By Ananya S. Guha
Swami Vivekananda was moved into spirituality by religion. Religion was only the via media for his quintessential spirituality – the oneness of mankind, the all-encompassing Sanatan Dharma, the spirit of suffering in India, and the intrinsic desire to know the real India, its suffering masses, its range and diversity and, its topography. He intuited the spiritual essence of India, but he also comprehended it as a land of suffering. Reason and feeling converged in his mind as he attained the beatific heights of samadhi.
To respond to the call of God, the Swami attended the World Parliament of Religions in Chicago. Miracle after miracle took place and the unknown monk started travelling all over the world and the country. Depending on Vedanta philosophy for his spiritual foresight and intellectual strength, he blended these with a pragmatic outlook towards poverty, aiming to ameliorate it with a social zeal. His Godhead was Kali, his master Ramakrishna, but his heart was on human suffering. Vivekananda combined three things; intellect, spirit, and pragmatism. He emphasized on physical endurance. He was no social reformer, but an intellectual and spiritual giant, who was deeply moved by a suffering humanity. In advocating the doctrine of oneness, Vivekananda shunned dualism in God. In the Goddess Kali, he perceived equanimity transcending disturbance. His desire to visually see God was a desire to combine natural with the supernatural. His organization, founded on the principles of Sri Ramakrishna, is a worldwide phenomenon today, giving testimony to the words of the poet, William Blake:
To see the world in a grain of sand
And heaven in a wild flower
Hold infinity in the palm of your hand
And eternity in an hour.
Vivekananda performed the absolute task of holding “Eternity in an hour”, in the late nineteenth and early twentieth century. His ‘death’ sowed the seeds for a national and international movement in social transformation in the domains of education, social work, and culture. Swami Vivekananda continues to symbolize the youth and their harnessing of intellectual and spiritual potentialities. Sensitiveness was the overarching cornerstone of this towering personality. He was a man of both prodigious intellect and sensitiveness. ‘Do you feel, feel, feel? …’ he once asked. The Belur Math stands today as a symbol of spiritual and social reconnaissance.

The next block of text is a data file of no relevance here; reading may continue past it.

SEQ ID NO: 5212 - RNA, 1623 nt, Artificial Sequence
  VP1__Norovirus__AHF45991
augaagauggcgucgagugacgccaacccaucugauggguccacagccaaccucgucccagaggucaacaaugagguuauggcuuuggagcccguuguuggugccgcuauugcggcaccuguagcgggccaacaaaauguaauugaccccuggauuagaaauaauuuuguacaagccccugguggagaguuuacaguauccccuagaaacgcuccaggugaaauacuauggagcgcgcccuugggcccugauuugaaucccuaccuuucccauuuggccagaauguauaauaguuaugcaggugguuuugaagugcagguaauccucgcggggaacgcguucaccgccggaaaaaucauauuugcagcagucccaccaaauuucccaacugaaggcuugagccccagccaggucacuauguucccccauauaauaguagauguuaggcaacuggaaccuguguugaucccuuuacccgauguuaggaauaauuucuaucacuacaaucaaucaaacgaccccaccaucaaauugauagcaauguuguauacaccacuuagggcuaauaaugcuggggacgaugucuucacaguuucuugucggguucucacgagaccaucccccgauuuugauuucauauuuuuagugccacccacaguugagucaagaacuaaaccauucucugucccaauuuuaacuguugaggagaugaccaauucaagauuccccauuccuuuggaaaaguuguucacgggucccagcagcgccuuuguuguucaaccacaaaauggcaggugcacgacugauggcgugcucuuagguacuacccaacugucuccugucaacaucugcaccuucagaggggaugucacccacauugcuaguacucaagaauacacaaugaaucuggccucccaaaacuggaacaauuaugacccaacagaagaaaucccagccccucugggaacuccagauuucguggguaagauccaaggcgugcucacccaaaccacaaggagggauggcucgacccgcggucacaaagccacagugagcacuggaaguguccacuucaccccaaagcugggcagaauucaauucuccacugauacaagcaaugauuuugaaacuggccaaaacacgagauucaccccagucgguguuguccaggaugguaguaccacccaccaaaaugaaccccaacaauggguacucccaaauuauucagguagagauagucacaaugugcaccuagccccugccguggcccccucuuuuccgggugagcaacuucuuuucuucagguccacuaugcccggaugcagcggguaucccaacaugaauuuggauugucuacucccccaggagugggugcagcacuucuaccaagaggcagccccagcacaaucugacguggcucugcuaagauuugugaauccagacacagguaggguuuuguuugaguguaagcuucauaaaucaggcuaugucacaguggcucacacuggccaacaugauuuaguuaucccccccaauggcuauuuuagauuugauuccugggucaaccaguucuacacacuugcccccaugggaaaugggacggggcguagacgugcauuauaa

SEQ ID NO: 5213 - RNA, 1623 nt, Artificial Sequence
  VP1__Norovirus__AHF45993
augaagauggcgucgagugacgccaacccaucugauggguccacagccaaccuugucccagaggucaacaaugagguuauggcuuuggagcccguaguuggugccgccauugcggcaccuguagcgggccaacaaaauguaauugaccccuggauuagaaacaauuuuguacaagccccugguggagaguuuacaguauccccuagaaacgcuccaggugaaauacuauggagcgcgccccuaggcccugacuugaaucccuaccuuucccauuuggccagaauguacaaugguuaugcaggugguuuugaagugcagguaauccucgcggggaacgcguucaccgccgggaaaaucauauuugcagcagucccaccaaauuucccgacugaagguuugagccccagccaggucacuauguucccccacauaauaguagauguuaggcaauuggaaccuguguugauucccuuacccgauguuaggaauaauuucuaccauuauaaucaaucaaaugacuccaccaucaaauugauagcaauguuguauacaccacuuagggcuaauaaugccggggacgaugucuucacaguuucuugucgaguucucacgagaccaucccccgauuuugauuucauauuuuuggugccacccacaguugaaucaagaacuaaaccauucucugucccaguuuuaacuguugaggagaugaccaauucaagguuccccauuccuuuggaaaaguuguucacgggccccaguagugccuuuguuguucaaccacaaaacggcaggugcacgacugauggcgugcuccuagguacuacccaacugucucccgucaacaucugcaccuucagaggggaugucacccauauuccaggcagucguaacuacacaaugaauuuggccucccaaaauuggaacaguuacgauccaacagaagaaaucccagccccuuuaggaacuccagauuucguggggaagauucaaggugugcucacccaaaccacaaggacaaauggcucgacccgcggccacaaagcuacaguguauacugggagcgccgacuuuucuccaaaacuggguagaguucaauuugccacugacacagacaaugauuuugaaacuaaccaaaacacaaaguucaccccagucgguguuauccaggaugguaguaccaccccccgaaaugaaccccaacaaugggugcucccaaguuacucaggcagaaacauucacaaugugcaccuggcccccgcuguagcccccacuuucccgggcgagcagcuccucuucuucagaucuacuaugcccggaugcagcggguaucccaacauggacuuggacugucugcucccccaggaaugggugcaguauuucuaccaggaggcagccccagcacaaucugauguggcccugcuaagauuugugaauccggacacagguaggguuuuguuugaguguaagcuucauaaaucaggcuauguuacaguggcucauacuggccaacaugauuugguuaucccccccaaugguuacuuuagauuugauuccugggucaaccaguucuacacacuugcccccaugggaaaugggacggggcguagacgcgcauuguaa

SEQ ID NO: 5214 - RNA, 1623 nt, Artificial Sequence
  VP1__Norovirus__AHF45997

Vivekananda should be understood as a man who intuited the concept of a nation, bonded by oneness, long before the freedom movement. He wanted to explore each and every corner of the country. He was enamored of its depth and diversity, its essentials meaningfulness as a nation-state; he also marveled at its ancient heritage of a resonant spiritualism, and a wakeful wisdom. He saw, in men like Jesus Christ, the continuation of the oneness of God and man. Why did Vivekananda continually harp on oneness or Sanatan Dharma? He saw in oneness an actualization of social and religious goals. He saw in oneness the unifying spirit of this vast country. But he was deeply troubled by issues such as poverty and apathy, if not antipathy towards the masses. Even as early as the nineteenth century, he perceived the masses constituting the true or archetypal reality. Like Gandhiji later, he loved people individually and in masses. Thus, Vivekananda gave an unknowing thrust to the polity of India, much before the founding fathers of the nation. He anticipated that India was a nation in the making and prescient mind saw how poverty would be a curse in future.
Vivekananda had already set up nodal points for his mission abroad in the UK and the US, as he knew that the goals of his missions would be the sea of humanity. He wanted to spread Hinduism to the world, a notion of Hinduism embedded in oneness in an all-embracing and fundamental God. This philosophy of a fundamental look at religion, society, philosophy, and spirituality is the crux of the Ramakrishna Mission, which has worked through education, social work, and religion/spirituality without drawing a sharp divide between mind and matter and unflagging in totality, moving towards a complete self.
There is the ultimate knowledge – Ved – anta. He was not a mystic philosopher or saint, but rather a mediator of practical wisdom and spirituality.